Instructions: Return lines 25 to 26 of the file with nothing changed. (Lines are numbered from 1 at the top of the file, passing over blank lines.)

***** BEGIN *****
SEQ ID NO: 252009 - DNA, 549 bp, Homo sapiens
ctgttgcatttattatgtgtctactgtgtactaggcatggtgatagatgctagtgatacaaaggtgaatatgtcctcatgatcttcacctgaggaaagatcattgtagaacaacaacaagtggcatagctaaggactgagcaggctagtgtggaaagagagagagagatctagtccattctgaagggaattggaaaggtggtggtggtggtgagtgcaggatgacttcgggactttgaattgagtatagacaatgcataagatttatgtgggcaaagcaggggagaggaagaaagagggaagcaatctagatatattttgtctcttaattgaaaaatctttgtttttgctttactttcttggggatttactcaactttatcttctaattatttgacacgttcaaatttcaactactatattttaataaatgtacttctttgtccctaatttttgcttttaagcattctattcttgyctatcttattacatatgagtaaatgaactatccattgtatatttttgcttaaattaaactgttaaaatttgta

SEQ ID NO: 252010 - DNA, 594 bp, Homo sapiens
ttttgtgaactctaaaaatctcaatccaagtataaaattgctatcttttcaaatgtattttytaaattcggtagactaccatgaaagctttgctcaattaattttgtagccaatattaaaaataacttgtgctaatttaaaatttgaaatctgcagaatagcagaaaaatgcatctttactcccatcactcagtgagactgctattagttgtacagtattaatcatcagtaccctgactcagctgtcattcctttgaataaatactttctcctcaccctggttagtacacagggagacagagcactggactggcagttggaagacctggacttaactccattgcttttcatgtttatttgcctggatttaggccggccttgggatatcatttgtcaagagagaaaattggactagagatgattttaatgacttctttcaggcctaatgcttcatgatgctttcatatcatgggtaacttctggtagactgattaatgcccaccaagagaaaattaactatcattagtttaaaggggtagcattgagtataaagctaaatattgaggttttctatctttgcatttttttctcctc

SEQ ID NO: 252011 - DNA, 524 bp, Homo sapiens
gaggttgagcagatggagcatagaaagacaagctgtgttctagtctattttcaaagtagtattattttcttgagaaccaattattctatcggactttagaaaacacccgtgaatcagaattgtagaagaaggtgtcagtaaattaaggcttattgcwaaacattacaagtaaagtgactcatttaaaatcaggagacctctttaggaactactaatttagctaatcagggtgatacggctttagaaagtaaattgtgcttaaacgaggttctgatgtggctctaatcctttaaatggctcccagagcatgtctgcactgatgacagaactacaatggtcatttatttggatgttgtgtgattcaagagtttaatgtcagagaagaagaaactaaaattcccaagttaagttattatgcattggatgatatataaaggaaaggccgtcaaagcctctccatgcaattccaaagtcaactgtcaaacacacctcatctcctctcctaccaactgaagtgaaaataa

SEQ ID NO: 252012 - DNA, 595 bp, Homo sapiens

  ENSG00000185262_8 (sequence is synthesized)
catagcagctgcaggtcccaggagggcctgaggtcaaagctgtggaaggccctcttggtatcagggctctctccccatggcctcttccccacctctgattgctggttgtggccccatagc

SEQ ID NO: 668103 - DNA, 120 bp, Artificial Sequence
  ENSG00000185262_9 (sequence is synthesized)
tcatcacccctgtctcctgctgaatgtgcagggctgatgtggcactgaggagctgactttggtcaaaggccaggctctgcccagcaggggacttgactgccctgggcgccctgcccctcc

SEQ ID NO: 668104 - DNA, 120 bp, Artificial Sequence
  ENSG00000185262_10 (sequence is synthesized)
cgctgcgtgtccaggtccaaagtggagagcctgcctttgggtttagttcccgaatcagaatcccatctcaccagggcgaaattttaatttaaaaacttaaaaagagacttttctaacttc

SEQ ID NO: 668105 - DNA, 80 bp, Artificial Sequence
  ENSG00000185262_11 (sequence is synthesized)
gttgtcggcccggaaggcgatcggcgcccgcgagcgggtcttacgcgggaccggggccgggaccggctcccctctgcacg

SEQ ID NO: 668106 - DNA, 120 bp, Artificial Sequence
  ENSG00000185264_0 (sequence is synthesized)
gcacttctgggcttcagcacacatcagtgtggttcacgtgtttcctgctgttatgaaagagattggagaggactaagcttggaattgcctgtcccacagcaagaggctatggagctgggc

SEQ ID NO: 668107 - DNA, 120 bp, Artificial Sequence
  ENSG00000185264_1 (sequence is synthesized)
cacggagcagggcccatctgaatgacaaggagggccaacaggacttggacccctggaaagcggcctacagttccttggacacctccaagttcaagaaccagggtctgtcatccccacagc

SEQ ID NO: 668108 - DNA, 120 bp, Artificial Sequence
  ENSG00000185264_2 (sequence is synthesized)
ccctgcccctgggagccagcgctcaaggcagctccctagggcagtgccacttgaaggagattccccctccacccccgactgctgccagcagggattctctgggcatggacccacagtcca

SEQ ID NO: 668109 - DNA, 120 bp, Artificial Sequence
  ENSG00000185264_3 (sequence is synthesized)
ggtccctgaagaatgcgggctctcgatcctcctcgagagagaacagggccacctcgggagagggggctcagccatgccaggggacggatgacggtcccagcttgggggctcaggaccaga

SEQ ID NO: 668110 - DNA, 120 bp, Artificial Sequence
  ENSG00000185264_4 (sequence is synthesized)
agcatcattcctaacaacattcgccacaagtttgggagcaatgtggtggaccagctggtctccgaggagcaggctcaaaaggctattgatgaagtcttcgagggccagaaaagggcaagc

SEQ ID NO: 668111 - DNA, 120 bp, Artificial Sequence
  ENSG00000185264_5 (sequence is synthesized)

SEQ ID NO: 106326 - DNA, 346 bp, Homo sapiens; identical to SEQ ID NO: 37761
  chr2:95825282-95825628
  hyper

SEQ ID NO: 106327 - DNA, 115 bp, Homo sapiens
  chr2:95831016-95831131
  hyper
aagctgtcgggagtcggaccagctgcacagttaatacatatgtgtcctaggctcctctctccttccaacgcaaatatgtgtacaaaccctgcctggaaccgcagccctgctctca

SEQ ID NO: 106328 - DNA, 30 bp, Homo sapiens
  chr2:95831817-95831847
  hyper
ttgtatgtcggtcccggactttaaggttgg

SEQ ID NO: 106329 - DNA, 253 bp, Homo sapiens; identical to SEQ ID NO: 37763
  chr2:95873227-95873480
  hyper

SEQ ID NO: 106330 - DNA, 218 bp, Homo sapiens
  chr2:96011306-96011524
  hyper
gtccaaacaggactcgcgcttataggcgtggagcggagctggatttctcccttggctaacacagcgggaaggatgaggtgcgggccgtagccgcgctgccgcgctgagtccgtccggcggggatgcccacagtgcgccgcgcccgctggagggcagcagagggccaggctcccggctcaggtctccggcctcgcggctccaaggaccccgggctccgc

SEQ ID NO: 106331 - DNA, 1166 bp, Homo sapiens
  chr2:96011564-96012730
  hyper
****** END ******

SEQ ID NO: 668108 - DNA, 120 bp, Artificial Sequence
  ENSG00000185264_2 (sequence is synthesized)